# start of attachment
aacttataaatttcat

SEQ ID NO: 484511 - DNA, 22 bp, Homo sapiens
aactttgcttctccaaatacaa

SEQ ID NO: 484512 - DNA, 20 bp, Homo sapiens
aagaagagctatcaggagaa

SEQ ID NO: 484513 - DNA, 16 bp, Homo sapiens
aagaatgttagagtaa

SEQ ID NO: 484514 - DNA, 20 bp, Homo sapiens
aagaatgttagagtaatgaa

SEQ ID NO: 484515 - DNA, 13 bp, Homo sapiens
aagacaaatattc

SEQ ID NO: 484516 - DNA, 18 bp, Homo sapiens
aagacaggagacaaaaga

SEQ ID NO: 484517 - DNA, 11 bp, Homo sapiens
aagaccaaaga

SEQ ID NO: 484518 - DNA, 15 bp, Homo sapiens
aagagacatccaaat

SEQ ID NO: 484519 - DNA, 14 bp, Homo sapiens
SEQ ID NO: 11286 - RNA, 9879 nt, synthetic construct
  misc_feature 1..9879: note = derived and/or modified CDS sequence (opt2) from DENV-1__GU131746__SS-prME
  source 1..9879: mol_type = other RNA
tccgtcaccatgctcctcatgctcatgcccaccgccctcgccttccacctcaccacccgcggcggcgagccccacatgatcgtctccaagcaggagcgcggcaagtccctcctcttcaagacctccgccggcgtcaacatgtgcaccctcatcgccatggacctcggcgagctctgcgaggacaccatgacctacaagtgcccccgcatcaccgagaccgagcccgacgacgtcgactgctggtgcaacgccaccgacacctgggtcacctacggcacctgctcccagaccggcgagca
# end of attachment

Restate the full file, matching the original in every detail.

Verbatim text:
aacttataaatttcat

SEQ ID NO: 484511 - DNA, 22 bp, Homo sapiens
aactttgcttctccaaatacaa

SEQ ID NO: 484512 - DNA, 20 bp, Homo sapiens
aagaagagctatcaggagaa

SEQ ID NO: 484513 - DNA, 16 bp, Homo sapiens
aagaatgttagagtaa

SEQ ID NO: 484514 - DNA, 20 bp, Homo sapiens
aagaatgttagagtaatgaa

SEQ ID NO: 484515 - DNA, 13 bp, Homo sapiens
aagacaaatattc

SEQ ID NO: 484516 - DNA, 18 bp, Homo sapiens
aagacaggagacaaaaga

SEQ ID NO: 484517 - DNA, 11 bp, Homo sapiens
aagaccaaaga

SEQ ID NO: 484518 - DNA, 15 bp, Homo sapiens
aagagacatccaaat

SEQ ID NO: 484519 - DNA, 14 bp, Homo sapiens
SEQ ID NO: 11286 - RNA, 9879 nt, synthetic construct
  misc_feature 1..9879: note = derived and/or modified CDS sequence (opt2) from DENV-1__GU131746__SS-prME
  source 1..9879: mol_type = other RNA
tccgtcaccatgctcctcatgctcatgcccaccgccctcgccttccacctcaccacccgcggcggcgagccccacatgatcgtctccaagcaggagcgcggcaagtccctcctcttcaagacctccgccggcgtcaacatgtgcaccctcatcgccatggacctcggcgagctctgcgaggacaccatgacctacaagtgcccccgcatcaccgagaccgagcccgacgacgtcgactgctggtgcaacgccaccgacacctgggtcacctacggcacctgctcccagaccggcgagca